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An Employees’ Guide to Coronavirus

  • Written by CompanyDebt.com
  • Published in Health
LONDON, March 2020 - What’s the Coronavirus going to mean for you as an employee? As COVID-19 spreads more widely, the implications of the emerging pandemic are hitting every business, with some workplaces unsure how to adapt.

The following guide is intended as a useful document to empower employees as to their rights and options. We’ve also surveyed over 500 people to ask whether their workplace is prepared. Our survey also showed around 40% of businesses have yet to address the potential impact of COVID-19 on the workplace, a situation that will put both employees and the business at risk.

If your boss insisted you to come in to work during a CoronaVirus pandemic, would you still go?

Many companies are putting in plans to implement home working for employees if the Coronavirus threat becomes severe enough. While the logistics of taking a real world business online has its own challenges, what about those businesses where remote working simply isn’t an option, such as factories, supply chain companies and retail outlets. For these businesses, no workers means no revenue, so you should expect employers to take a tough stance.

We polled 500 people on whether they would comply with an employers order to attend work, even if the Coronavirus was in full swing. 

Over 35% of respondents claimed they wouldn’t attend, with a further 6.6% claiming they would be prepared to lose their job over it.

With these statistics in mind, we can be certain COVID-19 is going to create some difficult choices. How can one balance concern for personal well being alongside the primary need to earn an income?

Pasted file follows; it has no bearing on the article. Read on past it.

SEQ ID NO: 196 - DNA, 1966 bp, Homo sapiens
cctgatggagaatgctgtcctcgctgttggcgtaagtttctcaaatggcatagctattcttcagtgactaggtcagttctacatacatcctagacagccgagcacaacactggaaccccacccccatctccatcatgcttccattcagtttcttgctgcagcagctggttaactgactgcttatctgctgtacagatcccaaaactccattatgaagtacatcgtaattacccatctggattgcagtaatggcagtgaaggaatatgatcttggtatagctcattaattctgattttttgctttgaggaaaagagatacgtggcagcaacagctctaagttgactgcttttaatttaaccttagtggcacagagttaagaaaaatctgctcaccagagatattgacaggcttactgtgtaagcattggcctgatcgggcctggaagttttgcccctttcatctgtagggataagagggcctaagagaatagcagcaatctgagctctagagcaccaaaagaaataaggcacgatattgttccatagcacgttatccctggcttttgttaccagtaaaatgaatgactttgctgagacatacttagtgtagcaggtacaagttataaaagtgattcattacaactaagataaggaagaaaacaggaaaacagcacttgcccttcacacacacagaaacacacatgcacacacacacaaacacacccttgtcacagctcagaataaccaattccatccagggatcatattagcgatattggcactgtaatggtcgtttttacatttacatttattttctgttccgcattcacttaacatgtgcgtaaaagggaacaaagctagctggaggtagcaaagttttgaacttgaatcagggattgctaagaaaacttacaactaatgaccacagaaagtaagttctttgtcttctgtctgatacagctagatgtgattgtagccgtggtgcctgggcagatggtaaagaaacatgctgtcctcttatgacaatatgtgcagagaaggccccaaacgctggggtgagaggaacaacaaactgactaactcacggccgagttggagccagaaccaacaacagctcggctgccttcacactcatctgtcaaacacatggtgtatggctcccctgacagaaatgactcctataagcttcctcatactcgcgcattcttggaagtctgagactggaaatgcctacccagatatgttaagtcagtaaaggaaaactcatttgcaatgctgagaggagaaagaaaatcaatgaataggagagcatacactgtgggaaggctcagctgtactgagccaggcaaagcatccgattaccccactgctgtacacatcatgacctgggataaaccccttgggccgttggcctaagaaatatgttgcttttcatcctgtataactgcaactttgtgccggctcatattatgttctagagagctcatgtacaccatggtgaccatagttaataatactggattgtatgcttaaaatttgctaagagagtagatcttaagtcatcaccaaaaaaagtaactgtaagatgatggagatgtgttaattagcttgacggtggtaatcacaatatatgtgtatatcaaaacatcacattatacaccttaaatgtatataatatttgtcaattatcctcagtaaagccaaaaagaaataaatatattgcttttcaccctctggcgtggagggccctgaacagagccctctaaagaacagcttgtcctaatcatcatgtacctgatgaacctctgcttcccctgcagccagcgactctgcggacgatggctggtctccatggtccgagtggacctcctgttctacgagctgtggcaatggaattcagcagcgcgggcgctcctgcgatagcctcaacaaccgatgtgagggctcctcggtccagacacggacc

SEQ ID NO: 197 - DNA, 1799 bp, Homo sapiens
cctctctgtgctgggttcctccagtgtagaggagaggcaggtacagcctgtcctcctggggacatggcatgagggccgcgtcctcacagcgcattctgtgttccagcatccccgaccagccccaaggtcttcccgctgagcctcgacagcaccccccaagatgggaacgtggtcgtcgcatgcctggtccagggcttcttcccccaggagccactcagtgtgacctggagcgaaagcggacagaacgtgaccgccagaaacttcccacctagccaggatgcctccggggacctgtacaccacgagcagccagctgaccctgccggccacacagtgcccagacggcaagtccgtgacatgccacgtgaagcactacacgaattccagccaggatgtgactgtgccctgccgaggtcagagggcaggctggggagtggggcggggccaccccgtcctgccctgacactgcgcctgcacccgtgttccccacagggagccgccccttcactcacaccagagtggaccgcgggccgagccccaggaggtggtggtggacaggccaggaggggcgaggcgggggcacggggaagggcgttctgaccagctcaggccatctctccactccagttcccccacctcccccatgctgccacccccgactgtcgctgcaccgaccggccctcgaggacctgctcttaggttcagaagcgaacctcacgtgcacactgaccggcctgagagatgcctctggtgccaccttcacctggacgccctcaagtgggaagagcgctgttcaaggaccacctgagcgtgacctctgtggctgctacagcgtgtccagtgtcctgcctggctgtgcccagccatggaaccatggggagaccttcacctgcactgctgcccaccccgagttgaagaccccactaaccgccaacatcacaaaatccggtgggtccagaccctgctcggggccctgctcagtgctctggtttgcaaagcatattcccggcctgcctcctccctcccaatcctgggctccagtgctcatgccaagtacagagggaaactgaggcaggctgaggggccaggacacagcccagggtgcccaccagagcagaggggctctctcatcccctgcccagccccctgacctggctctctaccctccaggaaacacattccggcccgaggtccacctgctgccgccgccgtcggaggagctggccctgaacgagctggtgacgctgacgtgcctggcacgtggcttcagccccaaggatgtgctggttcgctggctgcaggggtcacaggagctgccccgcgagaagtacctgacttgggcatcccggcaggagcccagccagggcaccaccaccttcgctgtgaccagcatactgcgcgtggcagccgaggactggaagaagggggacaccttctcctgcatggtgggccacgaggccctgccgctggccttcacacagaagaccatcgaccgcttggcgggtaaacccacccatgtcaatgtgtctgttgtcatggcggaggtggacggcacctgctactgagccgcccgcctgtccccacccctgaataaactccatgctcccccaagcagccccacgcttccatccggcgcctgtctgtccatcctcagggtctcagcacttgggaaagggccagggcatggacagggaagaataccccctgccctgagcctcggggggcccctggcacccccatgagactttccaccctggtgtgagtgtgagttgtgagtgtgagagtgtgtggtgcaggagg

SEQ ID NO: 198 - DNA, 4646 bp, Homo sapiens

Generally speaking, businesses do have a right to expect employees to attend work, and most will be already planning how to strike the right balance between protecting employees and keeping the company running efficiently. 

Stuart Snape, Partner at Graham Coffey & Co. Solicitors explains:

Your contract of employment will outline your working hours. Currently nothing has changed and an employee will be expected to work in accordance with their contract as usual.

Of course, as the government’s approach changes employers will also be expected to adjust. For example, most employers should by now have a firm policy to offer guidance to employees to protect not only individual employees but also the wider workforce. An employer would be expected to recommend that any employee returning from a high-risk area should self-isolate in accordance with the recommendation of Public Health England regardless of whether they are showing signs of illness and anyone who has returned from a lower risk area to self-isolate if they are showing signs of illness.

If you are high risk, pregnant, or particularly afraid of attending work you should air your fears with your HR department. Any responsible employer will take these fears very seriously, and may show some leniency, perhaps finding alternative means for you to get to work if public transport is your concern.

From a legal perspective employers are expected to behave reasonably and not put employees at undue risk. But assuming they can demonstrate they have done so, any claims of unfair dismissal would be very tricky to prove. 

The conclusion here is that you need to turn up to work, unless you are a high risk category: older, pregnant, or with a pre-existing medical condition. Keep an open line of communication with your HR department.

If your employer asked you to travel to a city with reported Coronavirus cases would you go?

According to our survey almost 60% of respondents said they wouldn’t go under any circumstance.